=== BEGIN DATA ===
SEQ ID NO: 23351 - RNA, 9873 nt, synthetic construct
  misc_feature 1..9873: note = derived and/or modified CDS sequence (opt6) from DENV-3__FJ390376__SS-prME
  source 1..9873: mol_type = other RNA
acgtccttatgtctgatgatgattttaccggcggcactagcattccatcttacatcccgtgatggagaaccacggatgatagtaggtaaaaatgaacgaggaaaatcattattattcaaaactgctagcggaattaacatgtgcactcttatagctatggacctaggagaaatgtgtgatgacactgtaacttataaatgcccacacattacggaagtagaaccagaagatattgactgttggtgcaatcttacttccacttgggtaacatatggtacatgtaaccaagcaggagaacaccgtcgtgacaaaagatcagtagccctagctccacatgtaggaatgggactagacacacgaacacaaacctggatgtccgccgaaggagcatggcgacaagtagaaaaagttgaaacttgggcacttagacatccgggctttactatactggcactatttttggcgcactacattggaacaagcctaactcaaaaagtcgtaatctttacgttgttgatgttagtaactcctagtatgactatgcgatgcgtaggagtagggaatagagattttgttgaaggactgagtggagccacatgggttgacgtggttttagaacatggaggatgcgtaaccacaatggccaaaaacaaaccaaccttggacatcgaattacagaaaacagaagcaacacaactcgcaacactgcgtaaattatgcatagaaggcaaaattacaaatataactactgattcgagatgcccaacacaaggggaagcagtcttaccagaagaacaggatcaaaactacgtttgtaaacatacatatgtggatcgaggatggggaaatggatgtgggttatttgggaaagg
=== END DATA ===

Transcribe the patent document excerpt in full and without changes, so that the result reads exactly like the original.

SEQ ID NO: 23351 - RNA, 9873 nt, synthetic construct
  misc_feature 1..9873: note = derived and/or modified CDS sequence (opt6) from DENV-3__FJ390376__SS-prME
  source 1..9873: mol_type = other RNA
acgtccttatgtctgatgatgattttaccggcggcactagcattccatcttacatcccgtgatggagaaccacggatgatagtaggtaaaaatgaacgaggaaaatcattattattcaaaactgctagcggaattaacatgtgcactcttatagctatggacctaggagaaatgtgtgatgacactgtaacttataaatgcccacacattacggaagtagaaccagaagatattgactgttggtgcaatcttacttccacttgggtaacatatggtacatgtaaccaagcaggagaacaccgtcgtgacaaaagatcagtagccctagctccacatgtaggaatgggactagacacacgaacacaaacctggatgtccgccgaaggagcatggcgacaagtagaaaaagttgaaacttgggcacttagacatccgggctttactatactggcactatttttggcgcactacattggaacaagcctaactcaaaaagtcgtaatctttacgttgttgatgttagtaactcctagtatgactatgcgatgcgtaggagtagggaatagagattttgttgaaggactgagtggagccacatgggttgacgtggttttagaacatggaggatgcgtaaccacaatggccaaaaacaaaccaaccttggacatcgaattacagaaaacagaagcaacacaactcgcaacactgcgtaaattatgcatagaaggcaaaattacaaatataactactgattcgagatgcccaacacaaggggaagcagtcttaccagaagaacaggatcaaaactacgtttgtaaacatacatatgtggatcgaggatggggaaatggatgtgggttatttgggaaagg